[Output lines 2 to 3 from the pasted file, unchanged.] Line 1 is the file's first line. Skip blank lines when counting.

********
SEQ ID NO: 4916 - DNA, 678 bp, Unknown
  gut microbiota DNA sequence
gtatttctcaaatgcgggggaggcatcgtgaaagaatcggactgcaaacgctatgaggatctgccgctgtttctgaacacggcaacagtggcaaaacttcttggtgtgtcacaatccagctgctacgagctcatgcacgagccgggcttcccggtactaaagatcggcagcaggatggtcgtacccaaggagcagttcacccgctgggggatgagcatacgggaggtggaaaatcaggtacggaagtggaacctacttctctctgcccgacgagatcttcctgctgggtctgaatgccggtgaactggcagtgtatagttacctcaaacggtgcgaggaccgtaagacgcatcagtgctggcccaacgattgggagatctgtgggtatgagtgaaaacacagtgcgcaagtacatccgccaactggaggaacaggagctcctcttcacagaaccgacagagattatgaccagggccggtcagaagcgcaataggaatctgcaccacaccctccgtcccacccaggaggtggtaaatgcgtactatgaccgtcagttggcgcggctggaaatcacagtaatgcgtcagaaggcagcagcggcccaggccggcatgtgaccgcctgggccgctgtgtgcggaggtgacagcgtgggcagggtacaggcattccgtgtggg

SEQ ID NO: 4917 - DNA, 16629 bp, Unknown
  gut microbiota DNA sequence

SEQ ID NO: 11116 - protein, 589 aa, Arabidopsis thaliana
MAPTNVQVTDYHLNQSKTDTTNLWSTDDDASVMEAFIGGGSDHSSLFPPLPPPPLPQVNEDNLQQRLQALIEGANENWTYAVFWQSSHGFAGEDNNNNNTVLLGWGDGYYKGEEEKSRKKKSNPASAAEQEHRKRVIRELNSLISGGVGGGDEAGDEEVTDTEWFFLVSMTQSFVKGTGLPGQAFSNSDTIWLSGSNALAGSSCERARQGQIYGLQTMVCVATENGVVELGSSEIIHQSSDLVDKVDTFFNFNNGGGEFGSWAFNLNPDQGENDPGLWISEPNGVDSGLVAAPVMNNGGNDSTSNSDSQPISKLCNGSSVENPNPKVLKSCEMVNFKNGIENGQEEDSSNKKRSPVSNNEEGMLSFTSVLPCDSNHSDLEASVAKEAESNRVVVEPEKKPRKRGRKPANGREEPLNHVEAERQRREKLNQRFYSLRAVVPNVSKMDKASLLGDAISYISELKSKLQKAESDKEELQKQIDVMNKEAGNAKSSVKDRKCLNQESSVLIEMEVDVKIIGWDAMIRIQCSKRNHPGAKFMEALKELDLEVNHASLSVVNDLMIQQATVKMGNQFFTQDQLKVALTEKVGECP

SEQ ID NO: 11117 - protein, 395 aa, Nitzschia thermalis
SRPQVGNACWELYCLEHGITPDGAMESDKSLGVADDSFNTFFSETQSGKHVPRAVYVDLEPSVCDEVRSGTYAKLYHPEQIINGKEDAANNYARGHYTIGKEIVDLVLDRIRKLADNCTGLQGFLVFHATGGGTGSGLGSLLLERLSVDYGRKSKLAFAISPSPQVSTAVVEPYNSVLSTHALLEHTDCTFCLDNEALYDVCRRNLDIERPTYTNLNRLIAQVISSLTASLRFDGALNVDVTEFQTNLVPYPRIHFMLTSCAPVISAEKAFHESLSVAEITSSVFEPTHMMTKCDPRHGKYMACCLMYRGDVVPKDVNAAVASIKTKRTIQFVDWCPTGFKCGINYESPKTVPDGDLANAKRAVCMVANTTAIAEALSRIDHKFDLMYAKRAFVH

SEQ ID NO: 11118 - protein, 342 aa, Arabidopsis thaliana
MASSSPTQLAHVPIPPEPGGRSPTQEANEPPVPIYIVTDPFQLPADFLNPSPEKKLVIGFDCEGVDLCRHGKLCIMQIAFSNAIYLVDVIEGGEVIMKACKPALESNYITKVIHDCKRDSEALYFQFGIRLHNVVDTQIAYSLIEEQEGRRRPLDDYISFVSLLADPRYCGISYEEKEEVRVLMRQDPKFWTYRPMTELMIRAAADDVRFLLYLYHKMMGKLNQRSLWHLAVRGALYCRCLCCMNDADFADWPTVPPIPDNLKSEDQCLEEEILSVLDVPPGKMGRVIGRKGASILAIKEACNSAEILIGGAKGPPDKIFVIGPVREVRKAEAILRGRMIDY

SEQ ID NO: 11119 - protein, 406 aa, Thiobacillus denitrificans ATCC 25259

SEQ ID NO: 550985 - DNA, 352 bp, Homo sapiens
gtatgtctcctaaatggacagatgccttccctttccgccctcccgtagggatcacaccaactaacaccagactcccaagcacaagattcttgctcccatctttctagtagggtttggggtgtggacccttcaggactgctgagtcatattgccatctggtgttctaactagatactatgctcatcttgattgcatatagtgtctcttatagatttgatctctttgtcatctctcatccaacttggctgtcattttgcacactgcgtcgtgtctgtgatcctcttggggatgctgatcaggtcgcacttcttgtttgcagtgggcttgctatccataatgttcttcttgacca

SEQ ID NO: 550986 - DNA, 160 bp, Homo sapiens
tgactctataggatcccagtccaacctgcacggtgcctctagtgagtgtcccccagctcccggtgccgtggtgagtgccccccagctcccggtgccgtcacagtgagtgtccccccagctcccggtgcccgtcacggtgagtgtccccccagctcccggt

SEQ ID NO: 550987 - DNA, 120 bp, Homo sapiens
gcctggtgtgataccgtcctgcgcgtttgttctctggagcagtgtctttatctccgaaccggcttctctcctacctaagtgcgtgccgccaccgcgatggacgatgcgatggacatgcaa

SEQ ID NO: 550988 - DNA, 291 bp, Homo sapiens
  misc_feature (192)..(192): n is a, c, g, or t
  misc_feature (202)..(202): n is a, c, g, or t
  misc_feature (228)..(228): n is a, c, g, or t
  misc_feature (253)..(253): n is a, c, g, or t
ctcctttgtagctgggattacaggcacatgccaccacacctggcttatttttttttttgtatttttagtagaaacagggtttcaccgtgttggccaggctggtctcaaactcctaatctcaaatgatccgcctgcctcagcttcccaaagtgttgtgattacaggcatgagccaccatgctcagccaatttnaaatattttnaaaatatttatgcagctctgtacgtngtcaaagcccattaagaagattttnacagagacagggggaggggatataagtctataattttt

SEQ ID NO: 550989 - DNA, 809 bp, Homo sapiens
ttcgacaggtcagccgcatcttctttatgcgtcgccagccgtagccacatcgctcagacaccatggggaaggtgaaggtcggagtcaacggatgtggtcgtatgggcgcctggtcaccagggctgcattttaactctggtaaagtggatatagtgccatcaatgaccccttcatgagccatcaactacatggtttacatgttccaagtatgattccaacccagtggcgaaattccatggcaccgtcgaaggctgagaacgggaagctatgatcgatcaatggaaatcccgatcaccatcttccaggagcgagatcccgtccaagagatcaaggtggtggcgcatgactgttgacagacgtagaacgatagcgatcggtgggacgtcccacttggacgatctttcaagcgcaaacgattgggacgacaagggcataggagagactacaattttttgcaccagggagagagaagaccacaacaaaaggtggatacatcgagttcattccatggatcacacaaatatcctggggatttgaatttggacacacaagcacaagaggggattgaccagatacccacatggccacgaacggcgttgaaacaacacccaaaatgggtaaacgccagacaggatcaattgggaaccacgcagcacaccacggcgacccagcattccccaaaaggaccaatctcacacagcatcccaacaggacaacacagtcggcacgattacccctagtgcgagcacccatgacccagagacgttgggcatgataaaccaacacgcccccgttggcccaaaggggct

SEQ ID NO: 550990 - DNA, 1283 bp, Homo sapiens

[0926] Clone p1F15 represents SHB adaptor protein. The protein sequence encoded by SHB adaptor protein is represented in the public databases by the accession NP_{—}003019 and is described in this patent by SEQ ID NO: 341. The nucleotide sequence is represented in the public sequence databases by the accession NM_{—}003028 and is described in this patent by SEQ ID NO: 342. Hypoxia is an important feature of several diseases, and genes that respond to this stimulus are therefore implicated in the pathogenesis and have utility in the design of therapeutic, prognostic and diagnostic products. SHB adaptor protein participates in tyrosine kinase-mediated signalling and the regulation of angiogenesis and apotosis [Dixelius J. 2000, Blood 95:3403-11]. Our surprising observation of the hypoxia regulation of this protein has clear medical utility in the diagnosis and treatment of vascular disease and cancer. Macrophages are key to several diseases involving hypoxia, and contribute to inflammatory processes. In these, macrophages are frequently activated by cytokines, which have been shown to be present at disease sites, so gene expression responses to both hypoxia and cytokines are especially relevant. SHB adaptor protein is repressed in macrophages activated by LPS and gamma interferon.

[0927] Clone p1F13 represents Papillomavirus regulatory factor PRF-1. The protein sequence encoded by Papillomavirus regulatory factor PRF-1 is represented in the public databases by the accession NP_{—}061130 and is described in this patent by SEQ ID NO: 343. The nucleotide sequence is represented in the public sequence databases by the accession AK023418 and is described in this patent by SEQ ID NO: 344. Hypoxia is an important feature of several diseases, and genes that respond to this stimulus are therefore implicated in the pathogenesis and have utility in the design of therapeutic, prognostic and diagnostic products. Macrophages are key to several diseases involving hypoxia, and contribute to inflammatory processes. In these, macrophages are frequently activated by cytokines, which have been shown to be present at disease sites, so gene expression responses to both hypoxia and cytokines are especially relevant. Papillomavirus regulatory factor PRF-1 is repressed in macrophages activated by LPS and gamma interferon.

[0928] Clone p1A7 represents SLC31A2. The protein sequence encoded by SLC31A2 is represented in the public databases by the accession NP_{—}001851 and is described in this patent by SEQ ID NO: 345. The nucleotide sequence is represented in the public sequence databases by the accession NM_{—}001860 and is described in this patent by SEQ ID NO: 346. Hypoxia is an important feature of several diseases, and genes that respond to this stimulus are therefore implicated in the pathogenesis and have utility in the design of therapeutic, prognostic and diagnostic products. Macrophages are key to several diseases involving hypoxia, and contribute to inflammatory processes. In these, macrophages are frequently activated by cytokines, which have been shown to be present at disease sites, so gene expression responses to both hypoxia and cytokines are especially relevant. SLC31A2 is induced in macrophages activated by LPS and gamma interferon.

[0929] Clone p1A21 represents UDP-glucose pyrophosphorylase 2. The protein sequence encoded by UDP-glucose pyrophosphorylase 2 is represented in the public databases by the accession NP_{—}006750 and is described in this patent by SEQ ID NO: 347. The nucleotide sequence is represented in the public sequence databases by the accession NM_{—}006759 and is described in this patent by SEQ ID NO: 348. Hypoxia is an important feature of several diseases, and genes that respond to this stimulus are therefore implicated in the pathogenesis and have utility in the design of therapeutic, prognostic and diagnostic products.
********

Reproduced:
  gut microbiota DNA sequence
gtatttctcaaatgcgggggaggcatcgtgaaagaatcggactgcaaacgctatgaggatctgccgctgtttctgaacacggcaacagtggcaaaacttcttggtgtgtcacaatccagctgctacgagctcatgcacgagccgggcttcccggtactaaagatcggcagcaggatggtcgtacccaaggagcagttcacccgctgggggatgagcatacgggaggtggaaaatcaggtacggaagtggaacctacttctctctgcccgacgagatcttcctgctgggtctgaatgccggtgaactggcagtgtatagttacctcaaacggtgcgaggaccgtaagacgcatcagtgctggcccaacgattgggagatctgtgggtatgagtgaaaacacagtgcgcaagtacatccgccaactggaggaacaggagctcctcttcacagaaccgacagagattatgaccagggccggtcagaagcgcaataggaatctgcaccacaccctccgtcccacccaggaggtggtaaatgcgtactatgaccgtcagttggcgcggctggaaatcacagtaatgcgtcagaaggcagcagcggcccaggccggcatgtgaccgcctgggccgctgtgtgcggaggtgacagcgtgggcagggtacaggcattccgtgtggg